if old_field in {'id', 'slug'}:
            continue

        new_field = field_to_new_product[old_field]

        setattr(old_product, old_field, getattr(new_product, old_field))

Try the same tricks elsewhere, too.

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  • 2
    \$\begingroup\$ new_field is not used in the last two snippets. It is quite redundant even in the original, as one could use if hasattr(new_product, old_field) or try except AttributeError instead. \$\endgroup\$ – Janne Karila Dec 19 '14 at 6:56
  • \$\begingroup\$ @JanneKarila Good eye! I'll wait for micgeronimo to chime in about what the intended purpose of the code is, because it confuses me. \$\endgroup\$ – Veedrac Dec 19 '14 at 7:04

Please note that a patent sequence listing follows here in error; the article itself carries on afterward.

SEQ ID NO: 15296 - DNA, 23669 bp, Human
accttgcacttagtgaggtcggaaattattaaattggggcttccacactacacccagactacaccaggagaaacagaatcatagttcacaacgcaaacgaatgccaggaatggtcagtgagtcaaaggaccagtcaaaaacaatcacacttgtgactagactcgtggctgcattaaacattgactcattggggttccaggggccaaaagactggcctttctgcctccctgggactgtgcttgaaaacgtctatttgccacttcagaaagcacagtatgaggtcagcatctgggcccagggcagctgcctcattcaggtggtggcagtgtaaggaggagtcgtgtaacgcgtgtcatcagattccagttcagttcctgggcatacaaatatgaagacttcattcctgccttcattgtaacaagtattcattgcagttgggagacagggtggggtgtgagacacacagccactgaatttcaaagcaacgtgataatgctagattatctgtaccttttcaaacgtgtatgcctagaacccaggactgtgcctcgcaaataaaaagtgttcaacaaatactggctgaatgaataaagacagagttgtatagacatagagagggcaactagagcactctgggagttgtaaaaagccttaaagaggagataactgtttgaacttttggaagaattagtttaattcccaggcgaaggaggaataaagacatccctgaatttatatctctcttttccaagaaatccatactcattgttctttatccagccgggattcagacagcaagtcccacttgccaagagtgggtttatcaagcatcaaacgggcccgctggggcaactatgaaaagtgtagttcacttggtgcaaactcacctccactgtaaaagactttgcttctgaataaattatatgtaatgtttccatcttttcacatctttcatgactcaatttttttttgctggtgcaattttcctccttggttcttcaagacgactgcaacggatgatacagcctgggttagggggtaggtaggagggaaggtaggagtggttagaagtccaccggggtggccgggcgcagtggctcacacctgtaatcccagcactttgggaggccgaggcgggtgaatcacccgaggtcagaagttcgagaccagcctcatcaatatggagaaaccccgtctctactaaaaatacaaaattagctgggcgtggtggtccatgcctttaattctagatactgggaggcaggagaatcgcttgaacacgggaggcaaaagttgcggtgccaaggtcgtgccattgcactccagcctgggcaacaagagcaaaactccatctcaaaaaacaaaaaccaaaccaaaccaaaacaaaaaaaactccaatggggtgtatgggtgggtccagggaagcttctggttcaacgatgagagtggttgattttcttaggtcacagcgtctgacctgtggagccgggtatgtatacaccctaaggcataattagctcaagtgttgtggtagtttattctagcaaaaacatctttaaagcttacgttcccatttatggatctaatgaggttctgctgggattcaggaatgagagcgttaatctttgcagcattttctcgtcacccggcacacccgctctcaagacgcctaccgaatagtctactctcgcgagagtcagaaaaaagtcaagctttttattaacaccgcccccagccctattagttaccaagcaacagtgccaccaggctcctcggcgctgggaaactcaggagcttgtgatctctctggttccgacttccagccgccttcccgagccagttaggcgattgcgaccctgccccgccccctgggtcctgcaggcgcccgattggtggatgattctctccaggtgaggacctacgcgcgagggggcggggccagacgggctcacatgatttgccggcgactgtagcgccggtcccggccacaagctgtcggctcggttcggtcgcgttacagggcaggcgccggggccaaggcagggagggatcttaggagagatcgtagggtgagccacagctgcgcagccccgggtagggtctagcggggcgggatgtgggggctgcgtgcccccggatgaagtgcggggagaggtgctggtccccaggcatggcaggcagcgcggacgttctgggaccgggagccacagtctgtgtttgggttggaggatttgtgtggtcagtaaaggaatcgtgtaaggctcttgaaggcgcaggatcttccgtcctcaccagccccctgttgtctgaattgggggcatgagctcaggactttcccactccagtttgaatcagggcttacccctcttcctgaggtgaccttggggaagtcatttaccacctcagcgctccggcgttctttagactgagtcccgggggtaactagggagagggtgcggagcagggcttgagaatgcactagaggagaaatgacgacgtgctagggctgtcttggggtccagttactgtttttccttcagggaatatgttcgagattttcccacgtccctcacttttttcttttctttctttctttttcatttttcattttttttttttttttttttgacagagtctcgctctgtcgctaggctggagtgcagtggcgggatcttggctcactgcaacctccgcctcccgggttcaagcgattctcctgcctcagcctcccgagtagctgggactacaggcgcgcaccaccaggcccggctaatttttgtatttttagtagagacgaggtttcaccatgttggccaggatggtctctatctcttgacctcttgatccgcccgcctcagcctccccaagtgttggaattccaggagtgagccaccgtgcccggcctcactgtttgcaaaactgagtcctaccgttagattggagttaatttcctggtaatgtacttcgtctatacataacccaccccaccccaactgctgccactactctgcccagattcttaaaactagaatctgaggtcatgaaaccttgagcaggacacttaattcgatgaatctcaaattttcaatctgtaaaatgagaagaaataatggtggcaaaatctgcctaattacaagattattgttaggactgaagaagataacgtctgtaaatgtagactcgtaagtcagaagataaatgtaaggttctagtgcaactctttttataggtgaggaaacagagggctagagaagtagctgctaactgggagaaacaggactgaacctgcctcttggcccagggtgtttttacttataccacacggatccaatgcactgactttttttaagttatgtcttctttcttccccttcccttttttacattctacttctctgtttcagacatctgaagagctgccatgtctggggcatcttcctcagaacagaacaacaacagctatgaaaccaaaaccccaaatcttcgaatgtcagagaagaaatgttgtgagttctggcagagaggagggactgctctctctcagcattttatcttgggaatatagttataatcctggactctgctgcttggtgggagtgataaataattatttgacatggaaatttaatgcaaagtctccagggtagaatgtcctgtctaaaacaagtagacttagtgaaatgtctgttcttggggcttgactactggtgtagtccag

• \$\begingroup\$ @Veedrac I have e-commerce site of electronical goods. There are millions of products from about 20 of suppliers. This products being received by different ways, either through APIs of suppliers or simply scraping their sites. Obviously I need to update information about products, because price,amount or anything else can change frequently. New products my appear.I need something that will update/create information. Now I think about separating update and insert to individual classes and also use some kind of mutex(threading.Lock). Will implement it today and hope it will be more stable \$\endgroup\$ – micgeronimo Dec 19 '14 at 9:30
  • \$\begingroup\$ @Veedrac would like to thank you for your answer, I've got a lot of useful stuff from it :) Actually I'm very new to Django and programming at all(just 3 month doing this) so it is really very helpful for me \$\endgroup\$ – micgeronimo Dec 19 '14 at 9:32
  • \$\begingroup\$ @micgeronimo My question was meant on a smaller scale; what is this particular loop trying to do? (I suggest you add these response to the question for other readers.) \$\endgroup\$ – Veedrac Dec 19 '14 at 15:08